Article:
Gerwyn Davies, senior labour market analyst for the CIPD, said employer optimism about job prospects meant that those weak provisional GDP figures should not be put under “too pessimistic interpretation”.

Demand for labour continued to grow in the second quarter of 2018, and was not matched by supply, Davies added.

“This may explain why wage pressures are starting to increase following a prolonged period of relatively subdued pay growth. It could well be that employers are using higher starting salaries to attract the talent they need,” he said.

Median pay awards over the past 12 months were 2 percent, according to the CIPD’s data.

Last month pay data company XpertHR said average pay settlements in the first three months of 2018 rose to 2.5 percent, their joint highest since 2008.

Pay growth according to the CIPD’s measure – which covers existing staff, and does not capture the effect of promotions or staff moving to better paid jobs – is lower than official data that shows average weekly earnings rose by 2.8 percent year-on-year in the three months to February.

The unemployment rate fell to its lowest since 1975 over the same period, dropping to 4.2 percent.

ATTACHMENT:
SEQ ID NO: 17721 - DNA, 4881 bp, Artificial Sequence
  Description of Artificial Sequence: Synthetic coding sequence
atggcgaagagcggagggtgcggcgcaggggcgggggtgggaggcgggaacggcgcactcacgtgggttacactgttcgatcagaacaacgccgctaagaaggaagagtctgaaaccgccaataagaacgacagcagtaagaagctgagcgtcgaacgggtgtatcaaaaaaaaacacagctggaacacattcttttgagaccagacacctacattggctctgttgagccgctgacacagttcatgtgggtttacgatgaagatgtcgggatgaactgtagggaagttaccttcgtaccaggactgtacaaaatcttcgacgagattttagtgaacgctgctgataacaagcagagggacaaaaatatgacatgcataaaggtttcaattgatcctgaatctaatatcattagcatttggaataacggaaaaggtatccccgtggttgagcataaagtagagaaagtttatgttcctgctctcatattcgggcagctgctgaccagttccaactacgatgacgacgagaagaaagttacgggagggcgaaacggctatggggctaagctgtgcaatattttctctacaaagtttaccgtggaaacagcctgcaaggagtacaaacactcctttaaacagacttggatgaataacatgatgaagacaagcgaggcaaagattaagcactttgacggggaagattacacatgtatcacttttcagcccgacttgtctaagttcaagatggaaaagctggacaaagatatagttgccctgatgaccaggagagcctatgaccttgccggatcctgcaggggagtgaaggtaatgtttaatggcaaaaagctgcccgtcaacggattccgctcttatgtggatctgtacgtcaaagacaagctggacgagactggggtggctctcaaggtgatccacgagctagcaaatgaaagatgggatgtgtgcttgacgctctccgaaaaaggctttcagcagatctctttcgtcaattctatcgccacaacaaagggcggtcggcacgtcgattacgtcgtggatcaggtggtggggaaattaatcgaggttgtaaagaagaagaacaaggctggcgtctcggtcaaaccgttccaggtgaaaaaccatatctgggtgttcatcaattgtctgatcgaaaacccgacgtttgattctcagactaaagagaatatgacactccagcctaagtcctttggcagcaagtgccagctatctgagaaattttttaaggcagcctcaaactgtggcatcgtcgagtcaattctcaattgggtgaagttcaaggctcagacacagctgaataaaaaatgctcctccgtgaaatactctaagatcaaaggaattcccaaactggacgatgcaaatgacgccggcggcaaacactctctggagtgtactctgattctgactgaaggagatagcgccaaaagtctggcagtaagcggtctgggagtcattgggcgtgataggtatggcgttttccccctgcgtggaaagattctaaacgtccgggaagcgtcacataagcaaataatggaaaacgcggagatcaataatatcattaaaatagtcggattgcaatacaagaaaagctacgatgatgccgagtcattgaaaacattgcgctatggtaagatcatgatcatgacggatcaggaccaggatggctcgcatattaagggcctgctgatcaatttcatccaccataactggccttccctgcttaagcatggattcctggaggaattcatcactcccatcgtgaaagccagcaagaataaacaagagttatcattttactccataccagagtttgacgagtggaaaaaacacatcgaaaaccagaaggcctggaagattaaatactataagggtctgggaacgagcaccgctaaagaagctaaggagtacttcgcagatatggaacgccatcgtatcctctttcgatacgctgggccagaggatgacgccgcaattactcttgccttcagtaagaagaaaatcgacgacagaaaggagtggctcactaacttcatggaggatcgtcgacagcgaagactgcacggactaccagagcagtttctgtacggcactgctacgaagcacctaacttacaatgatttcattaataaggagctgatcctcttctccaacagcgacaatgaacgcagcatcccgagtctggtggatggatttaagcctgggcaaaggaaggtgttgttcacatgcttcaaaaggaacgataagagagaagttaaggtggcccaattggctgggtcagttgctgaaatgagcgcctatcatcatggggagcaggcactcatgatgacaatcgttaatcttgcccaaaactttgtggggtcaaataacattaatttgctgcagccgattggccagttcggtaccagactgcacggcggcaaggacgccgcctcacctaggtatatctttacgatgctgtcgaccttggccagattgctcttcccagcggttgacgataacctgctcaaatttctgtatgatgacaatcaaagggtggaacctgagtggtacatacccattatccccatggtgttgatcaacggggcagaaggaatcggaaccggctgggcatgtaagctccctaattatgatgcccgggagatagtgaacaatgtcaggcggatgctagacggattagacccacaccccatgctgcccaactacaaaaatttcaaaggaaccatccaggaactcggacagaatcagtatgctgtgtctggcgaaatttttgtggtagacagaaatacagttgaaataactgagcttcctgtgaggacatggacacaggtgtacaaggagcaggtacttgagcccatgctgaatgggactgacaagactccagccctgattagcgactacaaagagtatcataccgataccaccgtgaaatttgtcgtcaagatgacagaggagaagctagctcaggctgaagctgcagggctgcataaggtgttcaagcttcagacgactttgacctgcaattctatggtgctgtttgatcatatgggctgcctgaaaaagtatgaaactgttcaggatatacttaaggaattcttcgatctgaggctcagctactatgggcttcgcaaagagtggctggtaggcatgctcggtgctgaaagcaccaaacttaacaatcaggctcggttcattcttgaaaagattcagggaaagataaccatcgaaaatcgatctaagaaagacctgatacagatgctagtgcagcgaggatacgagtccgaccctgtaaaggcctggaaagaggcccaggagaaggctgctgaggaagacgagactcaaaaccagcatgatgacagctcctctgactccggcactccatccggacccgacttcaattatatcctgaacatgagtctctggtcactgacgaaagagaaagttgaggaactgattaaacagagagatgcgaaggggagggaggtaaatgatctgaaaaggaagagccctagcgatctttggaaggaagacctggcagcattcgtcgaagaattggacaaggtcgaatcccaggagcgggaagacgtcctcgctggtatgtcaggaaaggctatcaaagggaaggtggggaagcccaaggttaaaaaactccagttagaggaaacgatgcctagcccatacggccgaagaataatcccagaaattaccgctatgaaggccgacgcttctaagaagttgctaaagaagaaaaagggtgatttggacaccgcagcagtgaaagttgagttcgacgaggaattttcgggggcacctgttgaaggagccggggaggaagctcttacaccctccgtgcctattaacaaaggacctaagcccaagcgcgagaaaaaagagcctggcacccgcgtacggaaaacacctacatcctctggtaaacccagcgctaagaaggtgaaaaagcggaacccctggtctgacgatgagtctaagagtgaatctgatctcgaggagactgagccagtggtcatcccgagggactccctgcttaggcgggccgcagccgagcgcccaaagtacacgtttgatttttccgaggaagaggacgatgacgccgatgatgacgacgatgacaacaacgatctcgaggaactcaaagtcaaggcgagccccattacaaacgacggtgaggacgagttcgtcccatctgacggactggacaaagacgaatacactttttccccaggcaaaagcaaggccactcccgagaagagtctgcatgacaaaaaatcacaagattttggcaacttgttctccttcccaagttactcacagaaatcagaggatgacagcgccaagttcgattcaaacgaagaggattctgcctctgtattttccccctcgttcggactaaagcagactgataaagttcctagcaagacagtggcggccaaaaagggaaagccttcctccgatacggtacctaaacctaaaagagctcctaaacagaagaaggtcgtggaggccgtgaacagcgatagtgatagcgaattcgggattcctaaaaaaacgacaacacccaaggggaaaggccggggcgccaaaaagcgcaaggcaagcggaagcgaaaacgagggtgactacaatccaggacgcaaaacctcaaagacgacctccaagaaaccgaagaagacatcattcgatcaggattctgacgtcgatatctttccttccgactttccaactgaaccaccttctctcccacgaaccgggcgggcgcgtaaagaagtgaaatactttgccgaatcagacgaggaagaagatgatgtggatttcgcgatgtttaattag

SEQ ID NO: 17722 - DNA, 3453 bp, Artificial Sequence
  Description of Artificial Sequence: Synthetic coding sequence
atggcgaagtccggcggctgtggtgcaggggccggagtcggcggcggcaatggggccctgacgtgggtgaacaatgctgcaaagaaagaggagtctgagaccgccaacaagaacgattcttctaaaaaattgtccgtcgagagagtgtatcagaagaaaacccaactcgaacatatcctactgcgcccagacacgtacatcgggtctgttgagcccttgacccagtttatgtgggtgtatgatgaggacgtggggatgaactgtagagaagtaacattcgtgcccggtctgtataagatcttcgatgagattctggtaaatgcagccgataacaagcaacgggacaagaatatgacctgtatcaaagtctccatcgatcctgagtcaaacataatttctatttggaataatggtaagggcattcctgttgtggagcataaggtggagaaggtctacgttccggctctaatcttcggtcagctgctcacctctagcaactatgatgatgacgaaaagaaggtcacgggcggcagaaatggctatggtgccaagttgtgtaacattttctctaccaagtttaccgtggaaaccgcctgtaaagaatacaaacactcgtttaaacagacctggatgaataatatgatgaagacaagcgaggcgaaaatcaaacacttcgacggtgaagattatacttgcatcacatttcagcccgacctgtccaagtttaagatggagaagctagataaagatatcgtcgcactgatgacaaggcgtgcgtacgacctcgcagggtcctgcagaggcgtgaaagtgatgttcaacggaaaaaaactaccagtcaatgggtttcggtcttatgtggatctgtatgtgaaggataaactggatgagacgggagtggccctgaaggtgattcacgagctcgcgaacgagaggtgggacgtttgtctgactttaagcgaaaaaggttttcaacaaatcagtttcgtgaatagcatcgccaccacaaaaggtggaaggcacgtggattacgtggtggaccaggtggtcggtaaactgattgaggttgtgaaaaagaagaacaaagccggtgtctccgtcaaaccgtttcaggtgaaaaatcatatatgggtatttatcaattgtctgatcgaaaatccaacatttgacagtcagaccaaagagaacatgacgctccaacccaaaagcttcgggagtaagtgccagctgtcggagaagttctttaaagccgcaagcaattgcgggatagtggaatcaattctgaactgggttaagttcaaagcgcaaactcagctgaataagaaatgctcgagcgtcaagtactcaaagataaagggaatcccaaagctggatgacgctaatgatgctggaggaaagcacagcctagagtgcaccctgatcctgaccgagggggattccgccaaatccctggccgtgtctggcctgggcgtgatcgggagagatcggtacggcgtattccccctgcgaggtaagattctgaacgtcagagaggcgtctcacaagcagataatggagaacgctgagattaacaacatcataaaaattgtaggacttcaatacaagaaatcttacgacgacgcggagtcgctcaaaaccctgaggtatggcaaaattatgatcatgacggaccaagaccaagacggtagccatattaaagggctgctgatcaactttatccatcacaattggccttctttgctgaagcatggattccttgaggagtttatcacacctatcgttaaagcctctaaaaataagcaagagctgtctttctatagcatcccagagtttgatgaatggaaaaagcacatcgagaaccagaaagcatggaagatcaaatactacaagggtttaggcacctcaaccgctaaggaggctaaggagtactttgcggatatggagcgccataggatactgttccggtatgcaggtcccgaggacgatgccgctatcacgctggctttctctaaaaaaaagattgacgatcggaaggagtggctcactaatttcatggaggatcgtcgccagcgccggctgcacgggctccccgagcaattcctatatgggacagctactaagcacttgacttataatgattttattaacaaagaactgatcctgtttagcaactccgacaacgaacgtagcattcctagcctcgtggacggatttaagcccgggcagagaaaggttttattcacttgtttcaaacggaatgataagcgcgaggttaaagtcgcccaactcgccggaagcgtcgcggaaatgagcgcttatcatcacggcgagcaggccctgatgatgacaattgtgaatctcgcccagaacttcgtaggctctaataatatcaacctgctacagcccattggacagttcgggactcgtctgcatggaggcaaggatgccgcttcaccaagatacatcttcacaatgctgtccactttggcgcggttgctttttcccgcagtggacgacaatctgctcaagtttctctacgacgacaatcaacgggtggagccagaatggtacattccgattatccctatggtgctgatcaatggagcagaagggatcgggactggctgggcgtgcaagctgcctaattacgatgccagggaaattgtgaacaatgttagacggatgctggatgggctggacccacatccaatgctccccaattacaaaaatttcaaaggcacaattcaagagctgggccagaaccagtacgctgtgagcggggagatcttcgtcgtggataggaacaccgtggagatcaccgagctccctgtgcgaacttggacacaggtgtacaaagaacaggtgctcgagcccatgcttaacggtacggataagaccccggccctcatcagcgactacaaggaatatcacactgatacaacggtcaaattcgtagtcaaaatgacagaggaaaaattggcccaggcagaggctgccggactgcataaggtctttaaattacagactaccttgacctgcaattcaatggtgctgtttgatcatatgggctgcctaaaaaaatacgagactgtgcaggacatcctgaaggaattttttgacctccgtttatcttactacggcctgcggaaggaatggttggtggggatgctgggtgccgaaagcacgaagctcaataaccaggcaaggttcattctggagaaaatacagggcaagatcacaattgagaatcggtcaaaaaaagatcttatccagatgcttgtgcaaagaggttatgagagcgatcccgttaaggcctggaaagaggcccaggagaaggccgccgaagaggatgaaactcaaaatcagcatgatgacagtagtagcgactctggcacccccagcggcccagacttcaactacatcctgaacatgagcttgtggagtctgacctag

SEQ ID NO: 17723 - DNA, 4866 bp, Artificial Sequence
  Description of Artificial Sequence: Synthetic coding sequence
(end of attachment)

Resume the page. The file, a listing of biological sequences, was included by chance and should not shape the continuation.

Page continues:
Almost one in three employers surveyed by the CIPD said they were raising wages to tackle their recruitment struggles, and the proportion of public-sector employers expecting to raise pay by 2 percent or more rose to almost two in five.

In March, trade unions and public-sector employers agreed a 6.5 percent pay rise over three years for more than a million nurses and hospital staff.

The CIPD data was based on a survey of several hundred employers between March 9 and March 30.

Reporting by Ana de Liz, editing by David Milliken and Andy Bruce

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Nearly a third of homebuyers fail to get best mortgages, says watchdog

LONDON (Reuters) – Britain’s markets watchdog is proposing to make it easier for homebuyers to find the best mortgage after finding that nearly a third of borrowers fail to find the cheapest deal.

A home is advertised for sale in London, Britain August 4, 2016. REUTERS/Neil Hall –

The Financial Conduct Authority (FCA) on Friday published the interim findings of a review into Britain’s trillion-pound mortgage market, launched in December 2016 to determine whether customers could obtain better deals and if links between industry players limit choice.

“We found that there are limitations to the effectiveness of the tools available to help consumers choose a mortgage,” the interim report said. “This makes it difficult for a significant minority (we estimate around 30 percent) of customers to find the cheapest suitable deal.”

These consumers could have saved about 550 pounds ($ 750) a year if they had bought the cheapest product. Some borrowers who could save money by switching provider either do not or cannot, it added.

The high cost of buying a home in Britain, exacerbated by a housing shortage, has put ownership out of reach for many people, and the government is under pressure to address the problem.